Nov 25, 11:03 PM EST
Bureau of Land Management Pulls Auction Parcels on Oil-and-Gas Drilling Near National Parks
By PAUL FOY, Associated Press Writer
SALT LAKE CITY (AP)–Drilling leases on and near the border of Utah’s scenic national parks have been pulled from an auction block.
The U.S. Bureau of Land Management announced its decision late Tuesday after negotiations with National Park Service officials who objected to noise, lights and air pollution near Arches National Park, Dinosaur National Monument and Canyonlands National Park, all in Utah.
Some of those parcels were within 1.3 miles of Delicate Arch, a freestanding span of 33 feet that is the signature landmark at Arches near Moab, Utah.
Hundreds of thousands of acres throughout Utah will still be auctioned off Dec. 19 for oil and gas drilling.
In all, the Park Service objected to 93 parcels where drilling could drown out the sounds of wind, water and wildlife for visitors, possibly contaminate nearby springs and worsen ozone levels, Mike Snyder, the Denver-based regional Park Service director, wrote Monday in a protest letter to the bureau.
BLM maps showed the agency will remove 34 parcels from the December auction, including those bunched along park boundaries.
That was little more than a third of what the Park Service wanted eliminated.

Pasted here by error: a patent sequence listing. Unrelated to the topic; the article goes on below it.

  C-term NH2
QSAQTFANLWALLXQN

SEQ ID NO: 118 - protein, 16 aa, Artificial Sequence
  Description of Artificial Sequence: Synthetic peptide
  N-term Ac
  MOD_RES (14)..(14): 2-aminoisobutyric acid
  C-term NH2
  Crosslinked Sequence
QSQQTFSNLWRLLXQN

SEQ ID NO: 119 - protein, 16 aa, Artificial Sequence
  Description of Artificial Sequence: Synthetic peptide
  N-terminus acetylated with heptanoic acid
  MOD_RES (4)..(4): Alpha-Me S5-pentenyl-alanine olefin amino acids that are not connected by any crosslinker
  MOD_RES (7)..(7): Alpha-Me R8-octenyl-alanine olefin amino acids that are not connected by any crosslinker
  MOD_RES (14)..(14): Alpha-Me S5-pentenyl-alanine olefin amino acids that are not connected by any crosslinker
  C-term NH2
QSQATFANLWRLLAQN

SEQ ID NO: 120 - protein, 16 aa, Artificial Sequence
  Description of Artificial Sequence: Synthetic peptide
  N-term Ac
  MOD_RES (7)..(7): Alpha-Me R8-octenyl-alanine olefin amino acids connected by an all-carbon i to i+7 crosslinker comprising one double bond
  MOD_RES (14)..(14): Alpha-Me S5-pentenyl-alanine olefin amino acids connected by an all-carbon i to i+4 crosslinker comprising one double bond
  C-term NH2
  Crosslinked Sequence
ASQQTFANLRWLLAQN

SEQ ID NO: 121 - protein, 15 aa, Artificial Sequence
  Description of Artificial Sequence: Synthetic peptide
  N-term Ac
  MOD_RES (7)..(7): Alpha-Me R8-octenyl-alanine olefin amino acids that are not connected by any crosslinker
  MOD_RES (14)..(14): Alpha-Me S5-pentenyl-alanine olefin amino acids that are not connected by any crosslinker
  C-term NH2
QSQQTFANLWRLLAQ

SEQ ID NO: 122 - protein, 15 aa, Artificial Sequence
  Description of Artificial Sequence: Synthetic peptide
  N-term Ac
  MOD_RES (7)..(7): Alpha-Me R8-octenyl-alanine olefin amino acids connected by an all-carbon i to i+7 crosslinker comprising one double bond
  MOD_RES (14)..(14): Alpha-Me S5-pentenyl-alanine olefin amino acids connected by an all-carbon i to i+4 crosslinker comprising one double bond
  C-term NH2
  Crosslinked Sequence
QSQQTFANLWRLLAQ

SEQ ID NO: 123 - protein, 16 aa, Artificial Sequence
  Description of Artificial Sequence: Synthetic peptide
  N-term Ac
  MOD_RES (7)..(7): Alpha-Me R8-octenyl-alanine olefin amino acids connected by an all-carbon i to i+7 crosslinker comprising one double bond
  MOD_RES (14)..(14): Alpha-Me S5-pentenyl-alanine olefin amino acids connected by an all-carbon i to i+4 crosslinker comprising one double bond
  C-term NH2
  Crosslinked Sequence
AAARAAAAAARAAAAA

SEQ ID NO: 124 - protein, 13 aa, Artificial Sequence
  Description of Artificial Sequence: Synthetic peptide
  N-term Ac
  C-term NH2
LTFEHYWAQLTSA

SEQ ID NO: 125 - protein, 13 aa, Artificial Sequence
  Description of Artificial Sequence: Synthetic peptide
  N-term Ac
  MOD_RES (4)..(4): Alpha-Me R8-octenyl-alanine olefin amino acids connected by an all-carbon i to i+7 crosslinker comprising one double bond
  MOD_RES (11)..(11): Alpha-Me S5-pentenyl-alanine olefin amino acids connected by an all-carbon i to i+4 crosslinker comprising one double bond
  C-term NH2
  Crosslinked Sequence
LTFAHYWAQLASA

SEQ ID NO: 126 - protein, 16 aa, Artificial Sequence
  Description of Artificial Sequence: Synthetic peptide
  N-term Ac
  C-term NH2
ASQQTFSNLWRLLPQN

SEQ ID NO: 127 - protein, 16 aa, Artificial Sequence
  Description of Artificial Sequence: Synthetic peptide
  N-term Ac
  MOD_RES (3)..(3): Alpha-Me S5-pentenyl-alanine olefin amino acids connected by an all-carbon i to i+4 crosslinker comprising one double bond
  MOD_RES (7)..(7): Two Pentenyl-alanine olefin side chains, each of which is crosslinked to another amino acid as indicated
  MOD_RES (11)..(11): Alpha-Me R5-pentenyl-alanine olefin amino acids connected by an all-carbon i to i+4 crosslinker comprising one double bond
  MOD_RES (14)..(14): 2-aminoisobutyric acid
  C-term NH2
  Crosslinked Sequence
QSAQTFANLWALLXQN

Snyder, however, showed no disappointment. “Working with Selma Sierra, the BLM Utah state director, has resulted in the kind of resource protection that Americans want and deserve for their national parks,” he said in a joint statement.
Snyder couldn’t be reached for comment late Tuesday.
The BLM left some drilling parcels-including parts of three tracts near Arches park-on the auction list which critics say could still ruin park views.
“I don’t know why we’re that desperate to compromise the extraordinary values of the national parks. Any industrialization of areas adjacent to park creates irreparable damage,” said Dave Nimkin, a regional director for the National Parks Conservation Association.
The BLM, he said, “would burn the Rembrandts to heat the castles.”
Other leases include parcels on high cliffs along whitewater sections of Desolation Canyon, an area explored by John Wesley Powell in 1896, and plateaus populated by big game atop Nine Mile Canyon, home to thousands of ancient rock art panels.